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A return to manly mayhem

Guys will be guys, fighting and killing with glee, in the current crop of morally gray movies.

January 19, 2007|John Anderson | Special to Newsday

It was only about a year ago that "Brokeback Mountain" was making grown men weep. Eric Bana's hero in "Munich" was conflicted and tormented about killing Arab terrorists. Johnny Cash battled only his inner demons in "Walk the Line." And "Good Night, and Good Luck" had men grappling with ideas instead of each other.

Oh, yes, and Truman Capote was the hero of a movie.

Capote made a return last year (in yet another biopic, "Infamous"), but more characteristic of 2006's cinematic maleness is "Children of Men's" Clive Owen bashing a pursuer's head in with a car battery. In current movies, the male of the species has become increasingly ... male.

In "The Departed," men can't slaughter each other fast enough. "Casino Royale" renews 007's license to kill. Forest Whitaker makes the bloodthirsty Idi Amin almost lovable in "The Last King of Scotland." And in "Blood Diamond," the mercenary Danny Archer, arguably the first fully adult male of Leonardo DiCaprio's career, is as compromised a character as has ever been called a hero -- not counting, of course, Matt Damon's Edward Bell Wilson in "The Good Shepherd," the most difficult protagonist to admire since Richard III.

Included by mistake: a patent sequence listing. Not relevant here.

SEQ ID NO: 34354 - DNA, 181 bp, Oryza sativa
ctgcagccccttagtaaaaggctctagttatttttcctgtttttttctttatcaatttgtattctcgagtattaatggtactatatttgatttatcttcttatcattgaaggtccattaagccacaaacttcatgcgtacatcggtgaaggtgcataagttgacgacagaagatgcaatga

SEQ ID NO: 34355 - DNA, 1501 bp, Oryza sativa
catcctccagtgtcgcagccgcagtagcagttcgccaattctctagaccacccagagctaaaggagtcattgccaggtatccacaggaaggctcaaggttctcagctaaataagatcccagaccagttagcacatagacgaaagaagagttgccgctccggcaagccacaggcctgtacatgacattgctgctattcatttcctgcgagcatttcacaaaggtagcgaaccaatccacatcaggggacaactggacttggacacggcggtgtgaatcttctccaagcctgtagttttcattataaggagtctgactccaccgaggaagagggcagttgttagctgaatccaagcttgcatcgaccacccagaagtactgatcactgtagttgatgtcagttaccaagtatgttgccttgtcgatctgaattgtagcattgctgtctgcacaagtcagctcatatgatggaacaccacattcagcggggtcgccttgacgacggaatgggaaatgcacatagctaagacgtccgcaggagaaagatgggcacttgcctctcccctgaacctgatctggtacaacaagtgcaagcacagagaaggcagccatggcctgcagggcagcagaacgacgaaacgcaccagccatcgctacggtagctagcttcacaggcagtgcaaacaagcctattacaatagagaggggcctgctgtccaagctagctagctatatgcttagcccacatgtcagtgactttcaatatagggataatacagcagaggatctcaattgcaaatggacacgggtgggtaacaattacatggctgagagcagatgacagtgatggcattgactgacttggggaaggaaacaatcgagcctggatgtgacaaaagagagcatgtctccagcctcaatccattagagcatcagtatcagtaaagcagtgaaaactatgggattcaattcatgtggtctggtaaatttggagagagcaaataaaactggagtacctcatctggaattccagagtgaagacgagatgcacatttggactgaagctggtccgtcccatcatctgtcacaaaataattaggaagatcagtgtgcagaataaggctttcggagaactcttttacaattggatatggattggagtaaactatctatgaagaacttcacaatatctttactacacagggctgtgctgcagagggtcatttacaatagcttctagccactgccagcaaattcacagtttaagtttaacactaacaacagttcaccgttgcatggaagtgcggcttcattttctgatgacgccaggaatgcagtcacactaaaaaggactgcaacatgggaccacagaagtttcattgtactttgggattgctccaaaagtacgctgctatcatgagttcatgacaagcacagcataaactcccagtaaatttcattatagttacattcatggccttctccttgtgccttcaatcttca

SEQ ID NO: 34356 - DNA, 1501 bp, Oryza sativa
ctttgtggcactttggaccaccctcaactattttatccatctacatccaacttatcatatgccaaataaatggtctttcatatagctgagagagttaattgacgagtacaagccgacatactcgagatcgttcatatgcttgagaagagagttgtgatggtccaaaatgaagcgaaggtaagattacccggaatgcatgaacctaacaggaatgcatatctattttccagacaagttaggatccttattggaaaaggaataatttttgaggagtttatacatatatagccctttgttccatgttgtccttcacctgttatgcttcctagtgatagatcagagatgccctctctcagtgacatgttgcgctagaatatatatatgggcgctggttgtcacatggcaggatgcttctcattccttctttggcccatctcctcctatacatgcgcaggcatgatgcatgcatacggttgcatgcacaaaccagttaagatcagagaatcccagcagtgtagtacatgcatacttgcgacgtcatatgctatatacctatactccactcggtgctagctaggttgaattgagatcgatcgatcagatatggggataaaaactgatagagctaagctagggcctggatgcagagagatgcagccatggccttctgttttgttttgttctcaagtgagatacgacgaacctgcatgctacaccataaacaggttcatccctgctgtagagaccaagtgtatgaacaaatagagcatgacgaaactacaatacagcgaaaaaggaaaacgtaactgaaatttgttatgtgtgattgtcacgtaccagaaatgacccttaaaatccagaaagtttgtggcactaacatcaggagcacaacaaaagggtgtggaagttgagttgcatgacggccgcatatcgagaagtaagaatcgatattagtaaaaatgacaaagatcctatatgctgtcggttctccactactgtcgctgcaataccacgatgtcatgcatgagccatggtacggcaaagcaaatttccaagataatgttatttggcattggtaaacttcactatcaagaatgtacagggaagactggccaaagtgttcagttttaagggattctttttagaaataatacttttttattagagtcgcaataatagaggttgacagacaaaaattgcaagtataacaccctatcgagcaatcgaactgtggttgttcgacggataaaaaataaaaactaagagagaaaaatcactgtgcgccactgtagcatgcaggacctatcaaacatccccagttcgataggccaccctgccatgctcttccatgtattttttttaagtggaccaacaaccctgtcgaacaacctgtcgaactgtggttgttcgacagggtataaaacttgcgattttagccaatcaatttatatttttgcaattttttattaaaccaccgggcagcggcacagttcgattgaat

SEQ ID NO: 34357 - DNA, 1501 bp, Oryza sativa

Of course, there are the other usual tough-guy characters: Nicholson, De Niro, Baldwin.

Paul Dergarabedian of the box-office monitor Media by Numbers, LLC, speculated that the recent appetite for old-school machismo has "a lot ... to do with the way movies present these characters, who have very dubious moral and ethical compasses. The cinema can manipulate audiences to where they're cheering for people they wouldn't want in their homes."

Why are moviegoers responding? The obvious and common answer is that we live in fractious and troubled times that somehow inure audiences to harsh behavior. Or that perhaps young people, made cynical by the behavior of public figures they've observed, are less willing than previous generations to accept black-and-white morality, preferring the more realistic gray.

"I think it may just be serendipitous," said "Good Shepherd" screenwriter Eric Roth of the reception given the movie, in which Damon plays a seemingly empty vessel involved in the birth of the CIA. "I think people were a little more willing to accept it because of the current political situation and perhaps the film resonates more now than it would have earlier. But I wasn't being prescient."

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